VEGGIE DECADENCE Silly’s (40 Washington Ave.; sillys.com) makes its Zombie Burger by topping a deep-fried Blue Mango burger with mozzarella, spinach, onion, tomato, pineapple, jalapenos, and spicy sauce on garlic bread.
Chances are you've walked by 648 Congress Street and never realized it's the production headquarters for a well-known vegetarian staple. That's because the only indication is a brightly colored, polka-dotted label with the Blue Mango Veggie Burgers logo taped to the front door.
Inside, Constantino Lallo is busy pounding out patty after patty. The veggie burger is his own recipe — the result of two months of experimentation while he worked as the chef at his former restaurant, Blue Mango Café, which opened in 1997 in the space about to be vacated by Food Factory Miyake on Spring Street. (Don't panic: Miyake's moving to Fore Street.)
Lallo didn't set out to make veggie burgers; he isn't even a vegetarian, but his eclectic clientele and lack of purchasable options forced his hand. "There wasn't a veggie burger on the market that I liked — most of them were heinous — so I started throwing together my own recipe," he says. The burger is made with seven ingredients: onions, black beans, bread crumbs, spinach, rice, and spices. Before he knew it, people were coming in asking for the veggie burger.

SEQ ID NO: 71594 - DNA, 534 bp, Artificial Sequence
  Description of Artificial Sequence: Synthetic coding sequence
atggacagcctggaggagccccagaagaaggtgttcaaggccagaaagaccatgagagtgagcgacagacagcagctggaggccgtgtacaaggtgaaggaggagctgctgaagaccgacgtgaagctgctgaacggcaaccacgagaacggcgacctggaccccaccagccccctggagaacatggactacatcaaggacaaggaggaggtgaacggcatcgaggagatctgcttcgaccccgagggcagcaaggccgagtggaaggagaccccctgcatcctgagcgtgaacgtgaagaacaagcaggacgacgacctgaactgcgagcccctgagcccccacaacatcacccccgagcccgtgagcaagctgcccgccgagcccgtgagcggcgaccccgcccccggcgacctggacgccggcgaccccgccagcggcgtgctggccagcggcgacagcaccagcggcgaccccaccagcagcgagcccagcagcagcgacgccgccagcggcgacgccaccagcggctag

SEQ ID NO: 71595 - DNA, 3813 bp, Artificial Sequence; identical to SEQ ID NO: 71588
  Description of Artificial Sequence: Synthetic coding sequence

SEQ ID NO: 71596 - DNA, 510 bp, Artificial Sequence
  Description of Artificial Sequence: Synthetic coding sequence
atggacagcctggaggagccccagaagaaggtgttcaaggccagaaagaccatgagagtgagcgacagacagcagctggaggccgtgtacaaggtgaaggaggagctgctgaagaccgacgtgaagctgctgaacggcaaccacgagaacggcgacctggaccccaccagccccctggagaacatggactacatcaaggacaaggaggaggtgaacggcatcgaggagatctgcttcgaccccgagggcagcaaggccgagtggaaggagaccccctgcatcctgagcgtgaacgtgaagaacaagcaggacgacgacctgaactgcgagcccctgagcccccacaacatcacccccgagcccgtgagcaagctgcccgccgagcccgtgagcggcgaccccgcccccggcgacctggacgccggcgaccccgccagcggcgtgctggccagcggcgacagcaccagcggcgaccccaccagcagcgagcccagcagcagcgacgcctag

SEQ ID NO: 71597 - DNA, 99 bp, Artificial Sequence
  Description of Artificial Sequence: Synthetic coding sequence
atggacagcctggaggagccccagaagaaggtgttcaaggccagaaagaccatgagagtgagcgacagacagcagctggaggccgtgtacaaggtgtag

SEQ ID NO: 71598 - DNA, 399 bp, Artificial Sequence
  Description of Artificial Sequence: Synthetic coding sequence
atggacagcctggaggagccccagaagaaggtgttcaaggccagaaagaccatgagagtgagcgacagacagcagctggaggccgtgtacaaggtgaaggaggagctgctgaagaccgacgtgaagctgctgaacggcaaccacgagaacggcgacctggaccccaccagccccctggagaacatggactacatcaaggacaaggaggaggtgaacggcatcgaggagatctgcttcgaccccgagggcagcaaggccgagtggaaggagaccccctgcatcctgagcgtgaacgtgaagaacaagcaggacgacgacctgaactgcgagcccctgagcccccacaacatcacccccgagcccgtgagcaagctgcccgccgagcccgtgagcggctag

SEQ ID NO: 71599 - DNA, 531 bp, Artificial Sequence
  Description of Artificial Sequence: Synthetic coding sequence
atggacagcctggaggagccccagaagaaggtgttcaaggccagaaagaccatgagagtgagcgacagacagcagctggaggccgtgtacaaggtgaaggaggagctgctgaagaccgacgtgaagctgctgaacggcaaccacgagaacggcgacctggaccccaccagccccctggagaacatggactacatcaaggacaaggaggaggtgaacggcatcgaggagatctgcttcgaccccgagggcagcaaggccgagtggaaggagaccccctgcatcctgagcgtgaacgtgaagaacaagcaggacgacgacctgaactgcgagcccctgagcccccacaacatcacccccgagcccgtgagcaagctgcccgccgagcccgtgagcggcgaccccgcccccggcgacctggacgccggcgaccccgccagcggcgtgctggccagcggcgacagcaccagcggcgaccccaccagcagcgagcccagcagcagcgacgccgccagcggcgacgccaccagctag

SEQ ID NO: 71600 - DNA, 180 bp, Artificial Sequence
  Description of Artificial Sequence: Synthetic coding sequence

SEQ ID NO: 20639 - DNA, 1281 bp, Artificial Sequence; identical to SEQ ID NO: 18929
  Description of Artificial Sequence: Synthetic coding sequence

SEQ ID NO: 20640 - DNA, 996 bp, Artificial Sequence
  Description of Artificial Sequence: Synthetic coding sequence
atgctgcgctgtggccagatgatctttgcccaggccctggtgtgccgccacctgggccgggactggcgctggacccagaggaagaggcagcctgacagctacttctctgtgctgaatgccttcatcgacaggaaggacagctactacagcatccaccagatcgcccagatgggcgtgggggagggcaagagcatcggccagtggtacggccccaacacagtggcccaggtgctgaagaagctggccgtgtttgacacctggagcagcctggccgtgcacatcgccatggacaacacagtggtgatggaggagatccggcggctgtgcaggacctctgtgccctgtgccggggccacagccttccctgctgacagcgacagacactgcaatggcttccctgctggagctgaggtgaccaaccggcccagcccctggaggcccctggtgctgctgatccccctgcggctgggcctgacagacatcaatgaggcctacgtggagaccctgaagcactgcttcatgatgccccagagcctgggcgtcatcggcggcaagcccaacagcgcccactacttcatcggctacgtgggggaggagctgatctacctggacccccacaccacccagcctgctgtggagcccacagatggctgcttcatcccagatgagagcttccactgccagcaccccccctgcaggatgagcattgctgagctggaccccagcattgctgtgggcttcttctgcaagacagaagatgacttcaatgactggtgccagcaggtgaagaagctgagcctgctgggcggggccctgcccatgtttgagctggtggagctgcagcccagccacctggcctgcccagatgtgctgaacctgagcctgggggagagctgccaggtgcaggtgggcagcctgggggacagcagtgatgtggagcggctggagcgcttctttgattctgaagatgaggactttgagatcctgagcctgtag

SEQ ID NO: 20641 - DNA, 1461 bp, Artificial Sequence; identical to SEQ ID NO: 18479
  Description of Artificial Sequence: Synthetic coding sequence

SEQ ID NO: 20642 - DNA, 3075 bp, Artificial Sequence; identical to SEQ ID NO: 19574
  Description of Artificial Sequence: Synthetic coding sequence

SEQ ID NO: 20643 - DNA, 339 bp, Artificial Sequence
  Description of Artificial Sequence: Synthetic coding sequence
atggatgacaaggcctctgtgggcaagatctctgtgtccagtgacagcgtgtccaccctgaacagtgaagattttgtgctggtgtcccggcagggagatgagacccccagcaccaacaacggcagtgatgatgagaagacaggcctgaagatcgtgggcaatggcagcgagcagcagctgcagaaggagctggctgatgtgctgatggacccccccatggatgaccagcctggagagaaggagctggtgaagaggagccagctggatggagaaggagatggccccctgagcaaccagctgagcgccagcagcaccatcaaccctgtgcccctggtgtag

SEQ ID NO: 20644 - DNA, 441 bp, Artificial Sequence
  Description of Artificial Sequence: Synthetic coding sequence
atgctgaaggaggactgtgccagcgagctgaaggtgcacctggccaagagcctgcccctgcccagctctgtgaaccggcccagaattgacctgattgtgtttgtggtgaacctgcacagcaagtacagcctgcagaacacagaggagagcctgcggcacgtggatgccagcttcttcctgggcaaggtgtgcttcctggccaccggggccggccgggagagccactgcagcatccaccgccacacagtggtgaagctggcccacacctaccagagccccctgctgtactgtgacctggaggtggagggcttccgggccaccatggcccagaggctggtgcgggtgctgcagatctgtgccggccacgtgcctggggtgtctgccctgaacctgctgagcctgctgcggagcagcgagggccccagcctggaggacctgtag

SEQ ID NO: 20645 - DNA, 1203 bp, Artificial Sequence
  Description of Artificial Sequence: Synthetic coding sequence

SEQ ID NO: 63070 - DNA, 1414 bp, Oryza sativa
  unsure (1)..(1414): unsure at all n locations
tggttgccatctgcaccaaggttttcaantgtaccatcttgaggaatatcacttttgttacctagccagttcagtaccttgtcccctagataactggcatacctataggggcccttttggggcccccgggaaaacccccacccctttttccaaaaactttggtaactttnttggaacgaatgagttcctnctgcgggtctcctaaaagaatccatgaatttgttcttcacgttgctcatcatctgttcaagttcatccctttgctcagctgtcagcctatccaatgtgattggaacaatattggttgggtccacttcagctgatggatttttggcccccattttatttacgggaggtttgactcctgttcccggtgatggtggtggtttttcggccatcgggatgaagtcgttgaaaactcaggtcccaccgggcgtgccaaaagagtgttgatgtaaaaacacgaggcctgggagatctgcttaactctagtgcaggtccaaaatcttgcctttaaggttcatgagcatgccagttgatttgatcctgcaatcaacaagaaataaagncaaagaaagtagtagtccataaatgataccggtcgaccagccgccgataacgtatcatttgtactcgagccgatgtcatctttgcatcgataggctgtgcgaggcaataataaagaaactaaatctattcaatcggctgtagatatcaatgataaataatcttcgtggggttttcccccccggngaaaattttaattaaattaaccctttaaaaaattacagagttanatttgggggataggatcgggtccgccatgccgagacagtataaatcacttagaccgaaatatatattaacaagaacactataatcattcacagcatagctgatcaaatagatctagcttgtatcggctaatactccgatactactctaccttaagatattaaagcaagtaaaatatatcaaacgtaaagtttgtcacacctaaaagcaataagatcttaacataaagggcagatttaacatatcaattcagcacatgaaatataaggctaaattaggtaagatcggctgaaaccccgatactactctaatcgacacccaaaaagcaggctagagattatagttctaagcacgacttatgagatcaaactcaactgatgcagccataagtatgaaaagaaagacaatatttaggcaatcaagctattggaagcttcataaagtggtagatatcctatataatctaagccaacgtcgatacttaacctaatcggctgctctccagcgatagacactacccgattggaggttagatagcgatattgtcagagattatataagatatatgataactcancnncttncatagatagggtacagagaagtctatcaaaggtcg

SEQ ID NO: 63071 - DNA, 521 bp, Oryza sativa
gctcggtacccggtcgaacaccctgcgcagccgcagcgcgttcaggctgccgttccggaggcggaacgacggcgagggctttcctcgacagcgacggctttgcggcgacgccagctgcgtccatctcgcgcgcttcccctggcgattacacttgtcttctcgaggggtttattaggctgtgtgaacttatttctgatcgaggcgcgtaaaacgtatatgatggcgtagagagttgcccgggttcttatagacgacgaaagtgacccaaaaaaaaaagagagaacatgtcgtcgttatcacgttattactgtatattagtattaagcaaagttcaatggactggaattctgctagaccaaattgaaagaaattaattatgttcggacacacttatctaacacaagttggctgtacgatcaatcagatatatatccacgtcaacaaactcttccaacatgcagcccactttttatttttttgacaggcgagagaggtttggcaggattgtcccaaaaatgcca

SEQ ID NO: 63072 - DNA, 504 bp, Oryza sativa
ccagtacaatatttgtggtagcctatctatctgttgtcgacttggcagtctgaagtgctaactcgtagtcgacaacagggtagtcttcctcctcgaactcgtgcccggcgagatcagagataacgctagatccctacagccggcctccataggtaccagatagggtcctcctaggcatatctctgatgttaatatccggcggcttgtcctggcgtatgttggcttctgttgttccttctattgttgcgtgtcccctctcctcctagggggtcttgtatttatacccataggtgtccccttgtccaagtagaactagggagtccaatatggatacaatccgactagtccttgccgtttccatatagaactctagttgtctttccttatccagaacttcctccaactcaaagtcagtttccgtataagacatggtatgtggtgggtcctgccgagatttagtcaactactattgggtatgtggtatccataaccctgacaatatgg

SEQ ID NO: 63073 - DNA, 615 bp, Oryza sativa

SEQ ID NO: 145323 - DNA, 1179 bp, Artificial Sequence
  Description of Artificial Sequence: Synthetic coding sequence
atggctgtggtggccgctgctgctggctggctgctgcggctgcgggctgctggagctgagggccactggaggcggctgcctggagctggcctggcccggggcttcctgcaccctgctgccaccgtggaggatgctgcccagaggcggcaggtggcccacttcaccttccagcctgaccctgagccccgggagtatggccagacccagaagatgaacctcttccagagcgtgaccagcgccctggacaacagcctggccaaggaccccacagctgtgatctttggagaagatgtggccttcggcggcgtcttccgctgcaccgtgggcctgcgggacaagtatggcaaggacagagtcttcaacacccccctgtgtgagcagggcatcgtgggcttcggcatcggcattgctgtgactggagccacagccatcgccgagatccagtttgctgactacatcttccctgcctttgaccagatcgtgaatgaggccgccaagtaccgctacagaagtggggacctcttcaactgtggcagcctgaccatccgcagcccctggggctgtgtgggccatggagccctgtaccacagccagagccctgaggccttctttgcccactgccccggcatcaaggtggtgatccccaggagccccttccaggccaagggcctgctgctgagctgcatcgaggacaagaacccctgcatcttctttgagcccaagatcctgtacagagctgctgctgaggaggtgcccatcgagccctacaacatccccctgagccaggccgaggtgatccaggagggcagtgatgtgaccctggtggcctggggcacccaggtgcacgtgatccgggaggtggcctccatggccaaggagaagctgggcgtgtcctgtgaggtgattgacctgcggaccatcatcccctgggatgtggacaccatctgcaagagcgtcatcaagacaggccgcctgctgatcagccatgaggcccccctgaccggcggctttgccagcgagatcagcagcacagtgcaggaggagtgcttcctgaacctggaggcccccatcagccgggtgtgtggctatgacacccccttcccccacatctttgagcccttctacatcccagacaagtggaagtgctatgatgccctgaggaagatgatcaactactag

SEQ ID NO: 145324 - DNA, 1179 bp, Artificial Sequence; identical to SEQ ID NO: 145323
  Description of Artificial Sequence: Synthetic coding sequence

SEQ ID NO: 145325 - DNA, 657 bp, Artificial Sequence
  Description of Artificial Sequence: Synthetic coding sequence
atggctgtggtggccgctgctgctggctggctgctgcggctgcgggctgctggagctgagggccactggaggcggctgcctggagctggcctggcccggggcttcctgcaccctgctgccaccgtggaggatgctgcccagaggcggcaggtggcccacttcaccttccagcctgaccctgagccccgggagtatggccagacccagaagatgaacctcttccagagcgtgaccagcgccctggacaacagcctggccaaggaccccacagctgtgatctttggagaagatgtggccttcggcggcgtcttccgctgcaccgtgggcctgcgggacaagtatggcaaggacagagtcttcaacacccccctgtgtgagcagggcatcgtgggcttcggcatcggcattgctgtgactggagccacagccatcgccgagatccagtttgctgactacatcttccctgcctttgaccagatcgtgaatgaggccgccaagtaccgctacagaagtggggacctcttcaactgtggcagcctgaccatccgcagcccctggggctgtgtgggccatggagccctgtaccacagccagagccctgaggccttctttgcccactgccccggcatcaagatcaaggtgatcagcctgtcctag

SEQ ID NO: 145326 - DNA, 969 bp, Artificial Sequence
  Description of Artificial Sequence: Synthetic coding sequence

But in 2001, Lallo and his partner, Shelley Stevens, were forced to abruptly close the café due to lease issues. "We tried for a couple years to resurrect it and then we thought 'How could we take the skills and our following and why not just market the burger?'" says Stevens.
The timing for a new business was terrible and perfect at the same time, she says. "People were becoming more conscious of what they were eating and feeding their kids and while it was a horrible time to start a business [because of the economy], the trend of healthy eating made it good timing. I'd say it was our saving grace," she says.
Making the shift from restaurateur to manufacturer wasn't simple. "It was a lengthy and eye-opening process and we thought all we had to do was just slap a label on it and get people to buy it, but it wasn't that easy," she says. The couple originally planned to make the burgers from their kitchen, but realized food regulations meant they had to acquire a commercial space. So the couple set up shop on Congress Street four years ago.
Lallo still makes all the burgers himself. He starts by slow-cooking onions, chopping them in a household-grade food processor and mixing all the ingredients in a giant silver bowl, literally by hand. Then he measures out 4.5-ounce balls, presses them into a round mold to form patties, and puts them in the freezer to later be vacuum-sealed and boxed for distribution.
We're not talking just a few burgers either. Lallo says he can make 600 patties a day and hopes to hit the 100,000 mark this year, up from last year's total of 86,000. The burgers are sold in 31 Whole Foods, eight Hannafords, and about 115 restaurants and specialty grocery stores.